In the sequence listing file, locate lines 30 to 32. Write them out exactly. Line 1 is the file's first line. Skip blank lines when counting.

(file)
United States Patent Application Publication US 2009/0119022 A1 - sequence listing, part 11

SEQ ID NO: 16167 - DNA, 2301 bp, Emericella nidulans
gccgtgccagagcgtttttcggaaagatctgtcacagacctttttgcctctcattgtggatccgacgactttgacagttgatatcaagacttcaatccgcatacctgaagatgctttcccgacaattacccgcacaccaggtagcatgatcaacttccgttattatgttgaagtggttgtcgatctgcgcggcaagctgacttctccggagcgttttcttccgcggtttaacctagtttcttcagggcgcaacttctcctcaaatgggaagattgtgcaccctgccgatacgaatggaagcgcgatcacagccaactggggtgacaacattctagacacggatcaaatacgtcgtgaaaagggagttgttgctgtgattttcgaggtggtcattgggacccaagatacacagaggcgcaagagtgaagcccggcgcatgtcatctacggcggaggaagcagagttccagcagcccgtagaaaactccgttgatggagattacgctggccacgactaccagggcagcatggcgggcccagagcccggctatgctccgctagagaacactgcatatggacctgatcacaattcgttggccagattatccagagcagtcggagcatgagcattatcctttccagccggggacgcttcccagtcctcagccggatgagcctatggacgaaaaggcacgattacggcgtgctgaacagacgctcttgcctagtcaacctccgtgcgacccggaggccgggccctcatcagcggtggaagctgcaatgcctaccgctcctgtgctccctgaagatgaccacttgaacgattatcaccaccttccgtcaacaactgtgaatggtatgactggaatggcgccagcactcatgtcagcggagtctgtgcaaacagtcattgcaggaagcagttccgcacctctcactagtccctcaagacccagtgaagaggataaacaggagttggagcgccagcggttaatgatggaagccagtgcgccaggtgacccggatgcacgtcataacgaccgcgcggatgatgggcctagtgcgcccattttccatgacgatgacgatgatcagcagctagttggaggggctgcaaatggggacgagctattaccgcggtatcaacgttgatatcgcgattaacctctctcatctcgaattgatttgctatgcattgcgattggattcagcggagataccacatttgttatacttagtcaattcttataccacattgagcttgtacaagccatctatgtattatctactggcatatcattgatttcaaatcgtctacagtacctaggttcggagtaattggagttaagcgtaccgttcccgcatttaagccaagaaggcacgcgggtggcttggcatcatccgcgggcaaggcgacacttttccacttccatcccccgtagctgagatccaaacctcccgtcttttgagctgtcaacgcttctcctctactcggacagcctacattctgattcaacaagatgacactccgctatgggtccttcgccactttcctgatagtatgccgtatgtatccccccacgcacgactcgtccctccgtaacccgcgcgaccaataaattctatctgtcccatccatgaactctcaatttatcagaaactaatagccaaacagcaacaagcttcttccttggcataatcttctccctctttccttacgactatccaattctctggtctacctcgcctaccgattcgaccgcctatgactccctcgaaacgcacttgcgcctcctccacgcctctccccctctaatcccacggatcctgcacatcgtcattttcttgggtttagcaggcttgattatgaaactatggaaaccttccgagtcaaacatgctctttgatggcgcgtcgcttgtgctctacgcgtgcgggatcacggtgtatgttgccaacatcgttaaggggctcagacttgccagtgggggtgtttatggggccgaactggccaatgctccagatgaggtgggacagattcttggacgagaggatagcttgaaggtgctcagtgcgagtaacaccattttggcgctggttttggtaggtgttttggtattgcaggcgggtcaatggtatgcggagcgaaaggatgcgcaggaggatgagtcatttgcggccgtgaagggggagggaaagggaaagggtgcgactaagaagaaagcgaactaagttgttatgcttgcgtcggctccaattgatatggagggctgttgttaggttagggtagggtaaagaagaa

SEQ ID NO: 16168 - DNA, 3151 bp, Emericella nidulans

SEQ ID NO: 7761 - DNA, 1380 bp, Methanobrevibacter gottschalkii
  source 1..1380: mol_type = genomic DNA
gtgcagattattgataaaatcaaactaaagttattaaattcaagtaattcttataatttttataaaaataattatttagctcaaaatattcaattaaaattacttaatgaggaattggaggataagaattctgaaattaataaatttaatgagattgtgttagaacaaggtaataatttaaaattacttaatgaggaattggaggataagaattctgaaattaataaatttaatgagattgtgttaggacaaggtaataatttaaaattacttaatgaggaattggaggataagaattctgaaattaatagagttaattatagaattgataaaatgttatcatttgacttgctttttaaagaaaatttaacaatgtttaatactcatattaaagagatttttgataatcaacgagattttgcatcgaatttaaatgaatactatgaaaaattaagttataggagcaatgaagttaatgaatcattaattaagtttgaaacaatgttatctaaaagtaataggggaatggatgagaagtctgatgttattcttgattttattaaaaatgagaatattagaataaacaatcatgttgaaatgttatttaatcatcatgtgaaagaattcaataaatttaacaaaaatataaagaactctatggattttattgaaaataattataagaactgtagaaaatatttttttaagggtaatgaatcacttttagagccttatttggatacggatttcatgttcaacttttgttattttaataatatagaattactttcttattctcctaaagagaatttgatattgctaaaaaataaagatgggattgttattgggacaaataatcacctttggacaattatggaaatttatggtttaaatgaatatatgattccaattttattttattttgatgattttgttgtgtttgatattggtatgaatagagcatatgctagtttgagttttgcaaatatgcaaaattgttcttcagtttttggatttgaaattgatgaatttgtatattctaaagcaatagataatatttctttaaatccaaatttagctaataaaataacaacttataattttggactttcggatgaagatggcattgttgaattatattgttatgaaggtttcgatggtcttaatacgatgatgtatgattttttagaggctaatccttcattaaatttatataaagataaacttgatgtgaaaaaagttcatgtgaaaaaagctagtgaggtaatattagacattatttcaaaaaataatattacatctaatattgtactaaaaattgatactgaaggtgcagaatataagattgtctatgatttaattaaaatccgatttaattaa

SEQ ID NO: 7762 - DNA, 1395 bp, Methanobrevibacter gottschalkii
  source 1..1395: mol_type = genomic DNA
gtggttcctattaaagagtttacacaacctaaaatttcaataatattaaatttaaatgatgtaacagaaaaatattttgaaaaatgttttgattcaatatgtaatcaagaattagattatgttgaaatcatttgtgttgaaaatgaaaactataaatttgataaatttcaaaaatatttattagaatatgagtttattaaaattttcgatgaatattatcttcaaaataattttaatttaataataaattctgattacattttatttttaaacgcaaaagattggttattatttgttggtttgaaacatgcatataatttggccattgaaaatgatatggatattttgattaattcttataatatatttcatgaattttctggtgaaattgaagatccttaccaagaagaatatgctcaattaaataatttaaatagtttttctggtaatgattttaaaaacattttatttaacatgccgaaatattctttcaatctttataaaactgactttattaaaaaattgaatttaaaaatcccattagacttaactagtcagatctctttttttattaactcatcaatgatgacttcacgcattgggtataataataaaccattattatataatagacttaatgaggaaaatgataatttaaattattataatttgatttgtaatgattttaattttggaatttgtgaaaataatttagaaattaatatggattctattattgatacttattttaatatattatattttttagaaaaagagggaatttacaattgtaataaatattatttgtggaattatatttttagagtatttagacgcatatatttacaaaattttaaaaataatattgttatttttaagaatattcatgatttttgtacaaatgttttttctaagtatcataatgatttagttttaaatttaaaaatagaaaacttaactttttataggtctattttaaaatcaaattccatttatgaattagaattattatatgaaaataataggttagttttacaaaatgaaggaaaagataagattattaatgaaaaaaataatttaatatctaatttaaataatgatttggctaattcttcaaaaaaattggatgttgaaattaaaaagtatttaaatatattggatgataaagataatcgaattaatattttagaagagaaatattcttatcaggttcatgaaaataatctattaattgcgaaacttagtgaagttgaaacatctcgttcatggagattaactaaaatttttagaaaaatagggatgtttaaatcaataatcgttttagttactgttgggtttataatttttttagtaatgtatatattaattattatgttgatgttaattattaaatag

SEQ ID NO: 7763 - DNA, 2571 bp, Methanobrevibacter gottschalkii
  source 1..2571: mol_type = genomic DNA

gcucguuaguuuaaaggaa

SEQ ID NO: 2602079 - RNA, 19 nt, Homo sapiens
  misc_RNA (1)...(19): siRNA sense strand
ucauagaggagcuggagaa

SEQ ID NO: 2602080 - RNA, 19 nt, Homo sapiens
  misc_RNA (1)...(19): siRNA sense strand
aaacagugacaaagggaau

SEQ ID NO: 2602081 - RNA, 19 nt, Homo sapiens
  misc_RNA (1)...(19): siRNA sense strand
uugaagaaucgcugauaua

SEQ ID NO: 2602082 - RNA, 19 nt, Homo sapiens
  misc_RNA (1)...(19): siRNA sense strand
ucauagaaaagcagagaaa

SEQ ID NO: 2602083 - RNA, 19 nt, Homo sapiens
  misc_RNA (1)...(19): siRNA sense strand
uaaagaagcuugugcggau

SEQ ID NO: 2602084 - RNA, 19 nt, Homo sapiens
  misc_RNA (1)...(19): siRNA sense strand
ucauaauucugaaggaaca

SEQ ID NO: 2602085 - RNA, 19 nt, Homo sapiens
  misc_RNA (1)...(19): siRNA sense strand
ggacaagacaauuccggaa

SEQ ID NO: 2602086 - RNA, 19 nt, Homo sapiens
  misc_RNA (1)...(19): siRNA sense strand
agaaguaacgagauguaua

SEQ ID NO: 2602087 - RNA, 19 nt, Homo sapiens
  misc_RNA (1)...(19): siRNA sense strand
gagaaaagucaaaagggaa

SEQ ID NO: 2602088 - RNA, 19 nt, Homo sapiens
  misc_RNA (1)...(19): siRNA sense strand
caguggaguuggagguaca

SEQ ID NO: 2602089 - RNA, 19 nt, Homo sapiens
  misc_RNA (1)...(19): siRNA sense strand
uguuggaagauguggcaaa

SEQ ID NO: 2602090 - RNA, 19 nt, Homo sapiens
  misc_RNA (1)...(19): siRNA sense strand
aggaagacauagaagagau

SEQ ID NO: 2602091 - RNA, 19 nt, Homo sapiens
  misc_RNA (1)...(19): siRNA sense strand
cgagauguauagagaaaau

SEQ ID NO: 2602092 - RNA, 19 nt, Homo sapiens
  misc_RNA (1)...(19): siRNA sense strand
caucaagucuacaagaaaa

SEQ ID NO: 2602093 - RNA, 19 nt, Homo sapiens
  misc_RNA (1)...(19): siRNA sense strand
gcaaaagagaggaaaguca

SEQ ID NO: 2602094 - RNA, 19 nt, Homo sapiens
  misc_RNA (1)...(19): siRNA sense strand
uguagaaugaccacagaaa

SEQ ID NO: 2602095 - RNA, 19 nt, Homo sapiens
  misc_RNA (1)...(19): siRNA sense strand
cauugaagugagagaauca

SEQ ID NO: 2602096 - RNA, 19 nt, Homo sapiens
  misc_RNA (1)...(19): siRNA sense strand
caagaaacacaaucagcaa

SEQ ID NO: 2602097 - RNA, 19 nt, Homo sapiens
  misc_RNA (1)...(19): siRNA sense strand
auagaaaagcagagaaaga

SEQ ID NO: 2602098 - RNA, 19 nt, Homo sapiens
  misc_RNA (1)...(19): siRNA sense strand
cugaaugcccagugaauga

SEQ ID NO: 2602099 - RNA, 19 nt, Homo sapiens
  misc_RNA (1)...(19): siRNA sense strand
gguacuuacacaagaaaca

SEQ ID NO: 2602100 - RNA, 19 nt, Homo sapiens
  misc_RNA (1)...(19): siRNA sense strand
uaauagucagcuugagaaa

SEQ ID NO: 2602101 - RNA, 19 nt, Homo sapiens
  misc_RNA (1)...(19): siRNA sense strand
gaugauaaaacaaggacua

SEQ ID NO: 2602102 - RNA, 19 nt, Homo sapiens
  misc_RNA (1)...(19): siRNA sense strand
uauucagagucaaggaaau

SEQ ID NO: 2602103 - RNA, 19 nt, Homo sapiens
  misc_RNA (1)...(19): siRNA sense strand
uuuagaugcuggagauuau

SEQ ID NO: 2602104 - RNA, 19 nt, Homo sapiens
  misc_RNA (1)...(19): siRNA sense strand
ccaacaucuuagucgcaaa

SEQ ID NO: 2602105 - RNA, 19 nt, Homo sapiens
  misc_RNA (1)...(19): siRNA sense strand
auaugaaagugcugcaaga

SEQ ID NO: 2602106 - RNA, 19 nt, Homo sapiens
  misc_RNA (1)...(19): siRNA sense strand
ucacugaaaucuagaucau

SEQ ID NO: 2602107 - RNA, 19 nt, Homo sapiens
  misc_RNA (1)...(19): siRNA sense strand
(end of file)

  misc_RNA (1)...(19): siRNA sense strand
ucauaauucugaaggaaca

SEQ ID NO: 2602085 - RNA, 19 nt, Homo sapiens